Each entry a

_{ij}in the exponentiation table with i rows and j columns of Z

_{n}when n is the product of 2 distinct primes can be generated as follows:

a

_{ij}= [(j - 1)(a_{i-1}+ a_{i-2}+ a_{i-3})] + a_{i-3 }mod nBelow is an algorithm for finding the order of any element of the exponentiation table of Z

_{n}when n is the product of 2 distinct primes. It can easily be modified to generate the entire table recursively.

It's also fast.

```
/* -------------------------------------------------
This content is released under the GNU License
http://www.gnu.org/copyleft/gpl.html
Author: Marina Ibrishimova
Version: 1.0
Purpose: Find the order of any a mod n for n = p*q where p,q > 2
---------------------------------------------------- */
function find_order(n, a)
{
var anot = 1;
var aa = a;
var aaa = a*a;
var coef = a - 1;
var index = 0;
var order = 2;
//added bonus
var bingo = "a divides n";
while(index != 1)
{
if (index === a) {return bingo;}
index = (coef*(anot + aa + aaa) + anot) % n;
anot = aa;
aa = aaa;
aaa = index;
order = order + 1;
}
return order;
}
```

**Example:**The algorithm described in this post here and implemented with a worker finds it in 1:49 min whereas the algorithm implemented in Life of Phi and featured in Finding Phi Faster finds the order of 2 mod 915313319 in 2:20 min. The worker slows things down a bit, like quite a bit.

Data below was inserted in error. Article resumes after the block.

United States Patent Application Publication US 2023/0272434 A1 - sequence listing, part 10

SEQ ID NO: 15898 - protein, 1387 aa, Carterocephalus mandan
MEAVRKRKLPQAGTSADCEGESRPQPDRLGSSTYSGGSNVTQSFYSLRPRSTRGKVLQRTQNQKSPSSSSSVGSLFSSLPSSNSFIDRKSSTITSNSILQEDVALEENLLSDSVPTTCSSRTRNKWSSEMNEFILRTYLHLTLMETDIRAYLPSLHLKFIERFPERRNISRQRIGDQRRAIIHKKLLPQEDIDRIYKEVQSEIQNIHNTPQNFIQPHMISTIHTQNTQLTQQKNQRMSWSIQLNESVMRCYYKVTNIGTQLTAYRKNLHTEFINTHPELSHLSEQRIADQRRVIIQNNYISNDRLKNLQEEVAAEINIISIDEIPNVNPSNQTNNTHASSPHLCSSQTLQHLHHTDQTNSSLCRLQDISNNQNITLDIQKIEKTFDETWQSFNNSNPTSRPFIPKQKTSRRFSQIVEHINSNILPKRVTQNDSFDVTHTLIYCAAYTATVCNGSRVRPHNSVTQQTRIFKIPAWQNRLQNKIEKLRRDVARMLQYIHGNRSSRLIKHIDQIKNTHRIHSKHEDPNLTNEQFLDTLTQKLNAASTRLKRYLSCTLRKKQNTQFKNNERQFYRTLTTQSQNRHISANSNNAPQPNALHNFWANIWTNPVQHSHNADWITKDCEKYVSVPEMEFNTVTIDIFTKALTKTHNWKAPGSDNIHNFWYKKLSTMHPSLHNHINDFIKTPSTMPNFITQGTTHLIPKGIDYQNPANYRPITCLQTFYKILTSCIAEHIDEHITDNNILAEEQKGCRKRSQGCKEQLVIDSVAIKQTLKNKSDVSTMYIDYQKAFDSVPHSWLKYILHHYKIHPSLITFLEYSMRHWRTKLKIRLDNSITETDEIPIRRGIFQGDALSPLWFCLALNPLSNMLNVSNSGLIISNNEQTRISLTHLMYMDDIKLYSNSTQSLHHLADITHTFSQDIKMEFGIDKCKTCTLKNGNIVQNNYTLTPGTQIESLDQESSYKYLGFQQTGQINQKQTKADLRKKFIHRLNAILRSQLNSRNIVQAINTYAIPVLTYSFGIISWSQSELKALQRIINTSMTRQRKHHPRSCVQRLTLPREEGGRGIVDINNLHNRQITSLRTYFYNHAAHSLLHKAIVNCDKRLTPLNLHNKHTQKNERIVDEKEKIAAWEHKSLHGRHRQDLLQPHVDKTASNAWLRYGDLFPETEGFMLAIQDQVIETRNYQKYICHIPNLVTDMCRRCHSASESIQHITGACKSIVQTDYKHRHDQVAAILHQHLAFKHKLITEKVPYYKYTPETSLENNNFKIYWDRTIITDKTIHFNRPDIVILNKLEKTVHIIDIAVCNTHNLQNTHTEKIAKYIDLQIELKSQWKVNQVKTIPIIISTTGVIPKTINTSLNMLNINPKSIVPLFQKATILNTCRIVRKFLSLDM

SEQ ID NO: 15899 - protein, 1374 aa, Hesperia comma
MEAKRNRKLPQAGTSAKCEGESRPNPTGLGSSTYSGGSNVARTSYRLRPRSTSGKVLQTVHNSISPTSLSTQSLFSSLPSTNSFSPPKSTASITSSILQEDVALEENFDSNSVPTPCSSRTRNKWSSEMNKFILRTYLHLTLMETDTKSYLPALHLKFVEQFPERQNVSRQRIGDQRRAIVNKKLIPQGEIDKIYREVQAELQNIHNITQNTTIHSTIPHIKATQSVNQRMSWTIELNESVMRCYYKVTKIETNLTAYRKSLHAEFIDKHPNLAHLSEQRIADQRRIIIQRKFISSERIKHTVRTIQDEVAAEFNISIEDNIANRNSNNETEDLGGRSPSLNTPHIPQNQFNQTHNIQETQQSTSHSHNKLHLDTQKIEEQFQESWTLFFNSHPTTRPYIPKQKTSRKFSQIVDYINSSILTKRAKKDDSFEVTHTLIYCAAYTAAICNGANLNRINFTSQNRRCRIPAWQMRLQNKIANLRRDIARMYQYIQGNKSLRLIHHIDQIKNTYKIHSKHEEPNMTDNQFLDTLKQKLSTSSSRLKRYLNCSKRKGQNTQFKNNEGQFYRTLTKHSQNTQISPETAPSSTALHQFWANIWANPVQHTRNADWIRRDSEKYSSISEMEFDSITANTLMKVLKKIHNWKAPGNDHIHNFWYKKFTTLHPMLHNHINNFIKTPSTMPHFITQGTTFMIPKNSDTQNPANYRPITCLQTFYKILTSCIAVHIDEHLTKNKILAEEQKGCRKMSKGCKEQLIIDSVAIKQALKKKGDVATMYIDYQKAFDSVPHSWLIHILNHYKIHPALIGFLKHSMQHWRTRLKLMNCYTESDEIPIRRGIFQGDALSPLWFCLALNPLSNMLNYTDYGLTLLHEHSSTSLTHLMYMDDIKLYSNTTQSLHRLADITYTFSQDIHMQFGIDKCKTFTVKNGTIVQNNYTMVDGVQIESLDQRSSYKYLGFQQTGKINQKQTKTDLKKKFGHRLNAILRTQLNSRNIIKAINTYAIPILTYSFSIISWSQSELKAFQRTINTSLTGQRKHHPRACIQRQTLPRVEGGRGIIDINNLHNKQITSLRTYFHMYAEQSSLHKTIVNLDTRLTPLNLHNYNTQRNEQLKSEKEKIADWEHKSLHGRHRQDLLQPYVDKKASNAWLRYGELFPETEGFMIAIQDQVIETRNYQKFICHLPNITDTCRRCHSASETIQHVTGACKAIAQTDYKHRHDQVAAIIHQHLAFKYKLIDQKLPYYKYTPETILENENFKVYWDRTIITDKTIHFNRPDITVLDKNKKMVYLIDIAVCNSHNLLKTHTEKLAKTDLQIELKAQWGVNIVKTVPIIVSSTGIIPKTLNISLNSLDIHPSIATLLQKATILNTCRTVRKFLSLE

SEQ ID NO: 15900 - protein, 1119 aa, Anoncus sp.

The above algorithm returns the correct answer for the order of 2 mod 915313319 in less than 20 seconds and only one "unresponsive script" nudge in the ribs required to return the correct result! What's more impressive is that find_order(n, a) can find the order of any element a of Z

_{n}if GCD(a, n) = 1 or find a zero divisor of Z

_{n}, and in particular it can find the order of 4 mod n much faster.

Indeed, in a web console find_order(n, a) returns the order of 4 mod 915313319 in less than 10 seconds!

**For faster JS results, try find_order(n, a) in a web console.**

Below are a few slower JS implementations.

The algorithm described in this post with a worker:

The algorithm described in Life of Phi with a worker: